Without a complete published description of interventions, clinicians and patients cannot reliably implement interventions that are shown to be useful, and other researchers cannot replicate or build on research findings. The quality of description of interventions in publications, however, is remarkably poor. To improve the completeness of reporting, and ultimately the replicability, of interventions, an international group of experts and stakeholders developed the Template for Intervention Description and Replication (TIDieR) checklist and guide. The process involved a literature review for relevant checklists and research, a Delphi survey of an international panel of experts to guide item selection, and a face to face panel meeting. The resultant 12 item TIDieR checklist (brief name, why, what (materials), what (procedure), who provided, how, where, when and how much, tailoring, modifications, how well (planned), how well (actual)) is an extension of the CONSORT 2010 statement (item 5) and the SPIRIT 2013 statement (item 11). While the emphasis of the checklist is on trials, the guidance is intended to apply across all evaluative study designs. This paper presents the TIDieR checklist and guide, with an explanation and elaboration for each item, and examples of good reporting. The TIDieR checklist and guide should improve the reporting of interventions and make it easier for authors to structure accounts of their interventions, reviewers and editors to assess the descriptions, and readers to use the information.
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              GRADE guidelines: 1. Introduction-GRADE evidence profiles and summary of findings tables.

              This article is the first of a series providing guidance for use of the Grading of Recommendations Assessment, Development, and Evaluation (GRADE) system of rating quality of evidence and grading strength of recommendations in systematic reviews, health technology assessments (HTAs), and clinical practice guidelines addressing alternative management options. The GRADE process begins with asking an explicit question, including specification of all important outcomes. After the evidence is collected and summarized, GRADE provides explicit criteria for rating the quality of evidence that include study design, risk of bias, imprecision, inconsistency, indirectness, and magnitude of effect. Recommendations are characterized as strong or weak (alternative terms conditional or discretionary) according to the quality of the supporting evidence and the balance between desirable and undesirable consequences of the alternative management options. GRADE suggests summarizing evidence in succinct, transparent, and informative summary of findings tables that show the quality of evidence and the magnitude of relative and absolute effects for each important outcome and/or as evidence profiles that provide, in addition, detailed information about the reason for the quality of evidence rating. Subsequent articles in this series will address GRADE's approach to formulating questions, assessing quality of evidence, and developing recommendations. Copyright © 2011 Elsevier Inc. All rights reserved.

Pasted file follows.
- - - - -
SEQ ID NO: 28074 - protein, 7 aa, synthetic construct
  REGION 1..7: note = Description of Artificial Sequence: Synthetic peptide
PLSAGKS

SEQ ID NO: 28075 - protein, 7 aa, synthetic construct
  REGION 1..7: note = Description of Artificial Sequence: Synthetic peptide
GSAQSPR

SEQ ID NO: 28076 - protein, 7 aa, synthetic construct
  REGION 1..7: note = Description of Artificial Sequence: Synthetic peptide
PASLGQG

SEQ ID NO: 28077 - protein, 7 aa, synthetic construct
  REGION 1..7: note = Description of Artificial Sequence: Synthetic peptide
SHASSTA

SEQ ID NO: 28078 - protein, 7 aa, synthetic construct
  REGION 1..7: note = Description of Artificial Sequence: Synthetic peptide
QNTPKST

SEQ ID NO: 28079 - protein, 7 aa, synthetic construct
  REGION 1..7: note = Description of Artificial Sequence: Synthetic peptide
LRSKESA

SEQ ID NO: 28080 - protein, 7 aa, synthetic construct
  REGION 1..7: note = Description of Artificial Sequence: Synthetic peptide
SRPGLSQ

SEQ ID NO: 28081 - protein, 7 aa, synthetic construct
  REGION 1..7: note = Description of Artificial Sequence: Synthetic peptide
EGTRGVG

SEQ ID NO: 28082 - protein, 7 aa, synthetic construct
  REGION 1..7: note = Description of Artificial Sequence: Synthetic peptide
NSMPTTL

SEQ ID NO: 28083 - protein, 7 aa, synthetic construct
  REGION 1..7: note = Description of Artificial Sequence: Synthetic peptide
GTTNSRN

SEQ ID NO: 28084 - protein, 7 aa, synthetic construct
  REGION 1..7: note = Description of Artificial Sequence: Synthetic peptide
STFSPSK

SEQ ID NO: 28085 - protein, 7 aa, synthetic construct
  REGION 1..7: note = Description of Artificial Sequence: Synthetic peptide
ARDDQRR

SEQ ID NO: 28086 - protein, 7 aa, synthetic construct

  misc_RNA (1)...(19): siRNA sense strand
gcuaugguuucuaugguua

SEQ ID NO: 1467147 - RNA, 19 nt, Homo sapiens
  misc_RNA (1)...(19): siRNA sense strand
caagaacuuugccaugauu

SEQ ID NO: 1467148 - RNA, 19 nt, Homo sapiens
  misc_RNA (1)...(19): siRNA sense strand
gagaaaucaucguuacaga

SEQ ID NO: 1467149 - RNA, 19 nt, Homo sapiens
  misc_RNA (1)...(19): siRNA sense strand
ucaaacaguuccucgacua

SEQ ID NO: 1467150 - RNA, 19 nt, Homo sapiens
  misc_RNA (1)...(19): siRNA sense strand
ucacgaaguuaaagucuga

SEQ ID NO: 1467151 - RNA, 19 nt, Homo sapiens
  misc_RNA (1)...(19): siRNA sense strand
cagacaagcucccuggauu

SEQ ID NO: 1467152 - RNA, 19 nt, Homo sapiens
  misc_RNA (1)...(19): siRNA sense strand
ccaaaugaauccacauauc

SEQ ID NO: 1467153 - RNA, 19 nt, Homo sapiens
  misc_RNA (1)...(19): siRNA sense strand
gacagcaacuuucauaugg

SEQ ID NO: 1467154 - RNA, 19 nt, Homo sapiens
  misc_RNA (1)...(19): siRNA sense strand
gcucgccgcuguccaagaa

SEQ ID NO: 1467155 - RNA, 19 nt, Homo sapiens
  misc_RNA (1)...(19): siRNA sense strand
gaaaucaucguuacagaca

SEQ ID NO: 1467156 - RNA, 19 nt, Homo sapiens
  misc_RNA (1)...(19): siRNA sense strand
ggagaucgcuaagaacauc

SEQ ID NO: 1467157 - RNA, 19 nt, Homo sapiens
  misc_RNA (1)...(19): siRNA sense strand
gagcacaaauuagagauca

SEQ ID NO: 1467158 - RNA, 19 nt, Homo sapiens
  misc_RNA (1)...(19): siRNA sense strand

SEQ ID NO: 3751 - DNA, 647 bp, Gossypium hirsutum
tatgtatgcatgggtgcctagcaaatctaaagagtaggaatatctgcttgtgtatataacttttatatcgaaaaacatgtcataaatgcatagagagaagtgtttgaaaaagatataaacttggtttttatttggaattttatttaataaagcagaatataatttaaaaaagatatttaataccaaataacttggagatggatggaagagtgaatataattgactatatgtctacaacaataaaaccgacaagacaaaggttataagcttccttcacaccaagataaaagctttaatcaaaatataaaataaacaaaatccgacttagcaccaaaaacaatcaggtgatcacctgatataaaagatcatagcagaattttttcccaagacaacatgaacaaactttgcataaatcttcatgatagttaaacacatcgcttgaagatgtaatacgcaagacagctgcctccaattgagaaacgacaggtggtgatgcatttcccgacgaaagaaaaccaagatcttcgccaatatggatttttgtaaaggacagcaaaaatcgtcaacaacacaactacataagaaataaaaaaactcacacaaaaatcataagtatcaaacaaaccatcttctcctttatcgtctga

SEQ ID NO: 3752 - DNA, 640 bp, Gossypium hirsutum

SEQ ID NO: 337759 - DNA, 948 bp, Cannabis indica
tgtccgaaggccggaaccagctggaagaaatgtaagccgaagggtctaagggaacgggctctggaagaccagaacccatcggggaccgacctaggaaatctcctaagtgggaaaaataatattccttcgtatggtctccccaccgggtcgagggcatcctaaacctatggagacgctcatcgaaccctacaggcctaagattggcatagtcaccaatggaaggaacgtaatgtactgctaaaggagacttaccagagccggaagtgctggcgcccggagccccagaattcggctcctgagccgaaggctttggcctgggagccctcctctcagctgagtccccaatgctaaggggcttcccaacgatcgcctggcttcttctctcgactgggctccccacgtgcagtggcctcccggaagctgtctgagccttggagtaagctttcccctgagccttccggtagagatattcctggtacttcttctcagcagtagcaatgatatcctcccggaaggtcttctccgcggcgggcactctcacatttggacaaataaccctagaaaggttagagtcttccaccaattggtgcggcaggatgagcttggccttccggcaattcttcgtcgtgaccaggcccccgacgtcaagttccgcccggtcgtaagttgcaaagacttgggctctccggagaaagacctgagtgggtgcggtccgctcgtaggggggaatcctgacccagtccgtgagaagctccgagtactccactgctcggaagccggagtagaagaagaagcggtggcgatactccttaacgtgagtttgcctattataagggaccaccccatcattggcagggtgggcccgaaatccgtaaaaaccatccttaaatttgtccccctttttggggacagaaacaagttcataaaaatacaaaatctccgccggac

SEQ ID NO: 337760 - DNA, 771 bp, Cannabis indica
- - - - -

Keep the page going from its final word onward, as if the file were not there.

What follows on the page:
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                Author and article information

                Contributors
                Journal
                Age Ageing
                Age Ageing
                ageing
                Age and Ageing
                Oxford University Press
                0002-0729
                1468-2834
                January 2024
                12 January 2024
                12 January 2024
                : 53
                : 1
                : afad238
                Affiliations
                National Institute for Health and Care Research (NIHR) Older People and Frailty Policy Research Unit , School of Health Sciences, Faculty of Biology, Medicine and Health, The University of Manchester , Manchester M13 9PL, UK
                Division of Nursing , Midwifery and Social Work, School of Health Sciences, The University of Manchester , Manchester M13 9PT, UK